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PM's 'hypocrisy' on multicultural issues; Mail bag letters also appear online at Mailbag.

IT is reprehensible that PMDavid Cameron should pick a security conference on the day of the EDL march in Luton to condemn multiculturalism. Multiculturalism is precisely that, different cultures living side by side, at times overlapping, at times intermixing and maintaining their own identity, which is what we enjoy in Huddersfield. In calling for the demise of multiculturalism he panders to the most negative and at times dangerous elements of the human psyche.

How does he expect Muslims to integrate? Does he demand that they go to church on a Sunday and get drunk on a Friday night? Does he not realise that the majority Muslim community harbour no sectarian or extreme intention but merely wish to get on with their lives, lives that still hold dear the values of hard work and family life that have been lost to large sections of the white community? Do those Muslims who work or go to college not interact with the wider community and is not a tendency to ignorance and insularity not common to many communities, both immigrant and indigenous? Contrary to Mr Cameron's assertion there is no one British identity. The culture of a northern working class estate is markedly different from the middle England commuter belt of the city of London. This is the way of the world: diversity.

Mr Cameron's comments represent nothing more than an attempt to distract people from the crimes of his government, to reinforce the image of the 'other', the enemy without and within as a smokescreen to the damage that is been done by the political elite to the very fabric of our society and to millions of lives irrespective of origin, colour or religion.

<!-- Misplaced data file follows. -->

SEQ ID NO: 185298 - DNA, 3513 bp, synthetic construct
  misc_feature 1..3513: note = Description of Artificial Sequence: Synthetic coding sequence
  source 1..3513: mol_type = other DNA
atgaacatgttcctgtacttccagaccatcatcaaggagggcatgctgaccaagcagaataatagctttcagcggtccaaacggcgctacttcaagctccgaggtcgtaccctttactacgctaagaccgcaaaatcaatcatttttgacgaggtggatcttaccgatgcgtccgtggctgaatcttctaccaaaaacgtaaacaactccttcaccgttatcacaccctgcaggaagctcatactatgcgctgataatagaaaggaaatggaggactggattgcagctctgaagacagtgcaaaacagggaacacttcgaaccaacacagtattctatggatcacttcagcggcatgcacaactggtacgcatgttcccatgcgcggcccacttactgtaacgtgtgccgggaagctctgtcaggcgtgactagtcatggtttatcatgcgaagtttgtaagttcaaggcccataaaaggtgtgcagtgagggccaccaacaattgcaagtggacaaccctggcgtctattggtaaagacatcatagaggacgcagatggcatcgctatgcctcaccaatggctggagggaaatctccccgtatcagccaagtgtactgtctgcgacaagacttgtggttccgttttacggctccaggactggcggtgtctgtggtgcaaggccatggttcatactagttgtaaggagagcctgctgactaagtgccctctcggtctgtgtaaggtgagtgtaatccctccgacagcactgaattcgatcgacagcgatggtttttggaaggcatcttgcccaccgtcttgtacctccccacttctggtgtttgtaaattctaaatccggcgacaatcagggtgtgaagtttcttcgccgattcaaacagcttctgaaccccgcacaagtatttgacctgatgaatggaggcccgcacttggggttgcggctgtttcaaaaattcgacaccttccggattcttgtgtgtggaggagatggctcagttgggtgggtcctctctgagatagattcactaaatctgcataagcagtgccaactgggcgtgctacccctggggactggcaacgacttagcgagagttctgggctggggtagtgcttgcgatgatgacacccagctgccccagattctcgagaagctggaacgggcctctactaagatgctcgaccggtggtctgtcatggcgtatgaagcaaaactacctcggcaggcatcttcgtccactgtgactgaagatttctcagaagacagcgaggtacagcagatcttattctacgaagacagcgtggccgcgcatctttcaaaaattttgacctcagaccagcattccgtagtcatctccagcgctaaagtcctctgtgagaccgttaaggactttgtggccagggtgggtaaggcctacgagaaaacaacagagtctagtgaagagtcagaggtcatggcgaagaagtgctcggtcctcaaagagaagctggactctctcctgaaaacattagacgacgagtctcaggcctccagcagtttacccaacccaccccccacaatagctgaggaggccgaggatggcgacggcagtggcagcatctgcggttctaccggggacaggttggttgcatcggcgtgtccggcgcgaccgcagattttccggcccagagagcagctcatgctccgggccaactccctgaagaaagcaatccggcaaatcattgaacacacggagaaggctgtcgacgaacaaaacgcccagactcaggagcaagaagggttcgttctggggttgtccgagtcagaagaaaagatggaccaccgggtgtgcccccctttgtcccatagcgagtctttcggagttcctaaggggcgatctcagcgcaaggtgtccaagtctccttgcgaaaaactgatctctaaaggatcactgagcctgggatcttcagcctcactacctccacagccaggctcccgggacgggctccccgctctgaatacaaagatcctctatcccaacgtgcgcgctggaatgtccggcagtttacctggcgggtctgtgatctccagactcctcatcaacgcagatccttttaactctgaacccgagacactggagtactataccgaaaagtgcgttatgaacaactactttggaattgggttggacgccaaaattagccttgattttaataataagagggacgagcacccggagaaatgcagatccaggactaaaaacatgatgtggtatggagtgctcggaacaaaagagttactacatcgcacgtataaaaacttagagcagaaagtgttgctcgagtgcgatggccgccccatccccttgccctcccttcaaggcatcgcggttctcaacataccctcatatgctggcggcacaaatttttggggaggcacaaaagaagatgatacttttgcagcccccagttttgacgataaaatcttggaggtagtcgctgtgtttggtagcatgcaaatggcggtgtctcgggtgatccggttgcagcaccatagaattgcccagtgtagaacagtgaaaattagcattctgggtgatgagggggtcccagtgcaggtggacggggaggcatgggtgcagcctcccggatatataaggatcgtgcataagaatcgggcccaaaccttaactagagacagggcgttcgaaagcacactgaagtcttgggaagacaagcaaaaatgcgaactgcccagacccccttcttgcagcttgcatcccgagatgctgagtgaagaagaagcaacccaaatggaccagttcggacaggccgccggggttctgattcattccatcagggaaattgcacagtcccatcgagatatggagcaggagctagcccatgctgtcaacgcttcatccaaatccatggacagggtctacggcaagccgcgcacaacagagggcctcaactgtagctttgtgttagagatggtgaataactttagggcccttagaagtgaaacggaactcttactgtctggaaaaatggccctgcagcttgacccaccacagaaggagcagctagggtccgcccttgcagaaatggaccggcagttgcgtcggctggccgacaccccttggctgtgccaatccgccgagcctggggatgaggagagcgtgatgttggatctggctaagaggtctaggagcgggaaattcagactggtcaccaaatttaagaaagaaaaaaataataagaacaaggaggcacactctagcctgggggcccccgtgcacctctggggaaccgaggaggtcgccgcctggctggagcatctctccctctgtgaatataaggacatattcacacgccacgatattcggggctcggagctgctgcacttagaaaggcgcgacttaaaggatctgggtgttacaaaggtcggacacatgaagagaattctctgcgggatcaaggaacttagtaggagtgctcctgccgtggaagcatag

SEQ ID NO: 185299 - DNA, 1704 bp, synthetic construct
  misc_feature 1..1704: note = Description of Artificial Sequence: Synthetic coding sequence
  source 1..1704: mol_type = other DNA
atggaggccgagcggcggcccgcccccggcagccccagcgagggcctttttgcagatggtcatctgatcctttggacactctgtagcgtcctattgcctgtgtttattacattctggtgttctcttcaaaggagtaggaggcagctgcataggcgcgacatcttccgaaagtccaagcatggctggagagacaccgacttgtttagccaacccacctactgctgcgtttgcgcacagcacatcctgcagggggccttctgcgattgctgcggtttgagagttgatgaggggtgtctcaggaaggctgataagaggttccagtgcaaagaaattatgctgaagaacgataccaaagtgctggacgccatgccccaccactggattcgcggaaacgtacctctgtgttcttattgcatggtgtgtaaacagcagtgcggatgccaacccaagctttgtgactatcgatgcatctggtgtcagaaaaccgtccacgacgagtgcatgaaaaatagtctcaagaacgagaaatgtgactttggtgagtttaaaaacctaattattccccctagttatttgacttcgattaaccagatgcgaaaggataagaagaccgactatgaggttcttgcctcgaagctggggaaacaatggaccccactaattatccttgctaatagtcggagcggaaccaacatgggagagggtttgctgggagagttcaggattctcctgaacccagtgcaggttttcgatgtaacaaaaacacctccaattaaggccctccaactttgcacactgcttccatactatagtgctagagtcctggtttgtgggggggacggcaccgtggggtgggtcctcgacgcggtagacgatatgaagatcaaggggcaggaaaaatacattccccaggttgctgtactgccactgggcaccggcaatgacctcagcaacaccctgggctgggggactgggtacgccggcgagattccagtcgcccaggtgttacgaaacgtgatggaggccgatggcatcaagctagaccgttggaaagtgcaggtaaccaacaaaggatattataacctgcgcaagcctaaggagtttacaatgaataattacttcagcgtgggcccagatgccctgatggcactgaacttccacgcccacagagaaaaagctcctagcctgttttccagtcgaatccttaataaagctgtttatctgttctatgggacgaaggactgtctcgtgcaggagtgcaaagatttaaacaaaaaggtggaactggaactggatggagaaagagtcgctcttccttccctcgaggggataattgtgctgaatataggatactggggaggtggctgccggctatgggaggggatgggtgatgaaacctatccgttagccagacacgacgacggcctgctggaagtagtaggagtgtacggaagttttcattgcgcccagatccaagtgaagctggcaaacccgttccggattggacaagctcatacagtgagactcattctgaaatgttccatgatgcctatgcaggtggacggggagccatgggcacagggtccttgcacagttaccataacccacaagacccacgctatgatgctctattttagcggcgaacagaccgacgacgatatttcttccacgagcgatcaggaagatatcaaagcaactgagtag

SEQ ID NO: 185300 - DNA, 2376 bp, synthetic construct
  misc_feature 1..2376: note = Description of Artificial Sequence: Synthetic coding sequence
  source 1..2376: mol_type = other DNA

His comments are of the worst hypocrisy, considering that it has been British foreign policy in the Middle East and Afghanistan that has stoked the fires of extremism, as we warned they would. It is his policies now that run the risk of creating a lost generation devoid of opportunities or hope.

We are all different and all the same united by our love for our children and fear of the future with more in common than different. To attempt to portray all Muslims as terrorists is as insane as suggesting that the bulk of English people live up to the stereotype of drunkenness and football hooliganism.

The complexities of multiculturalism are difficult for some who want simple answers and not to have to fathom such detail, yet in those complexities lay a rich warp and weft of society that emblazons the tapestry of life with a brighter hue.

IAN BROOKE Save Our Services
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Title Annotation:Features
Publication:Huddersfield Daily Examiner (Huddersfield, England)
Article Type:Letter to the editor
Date:Feb 9, 2011
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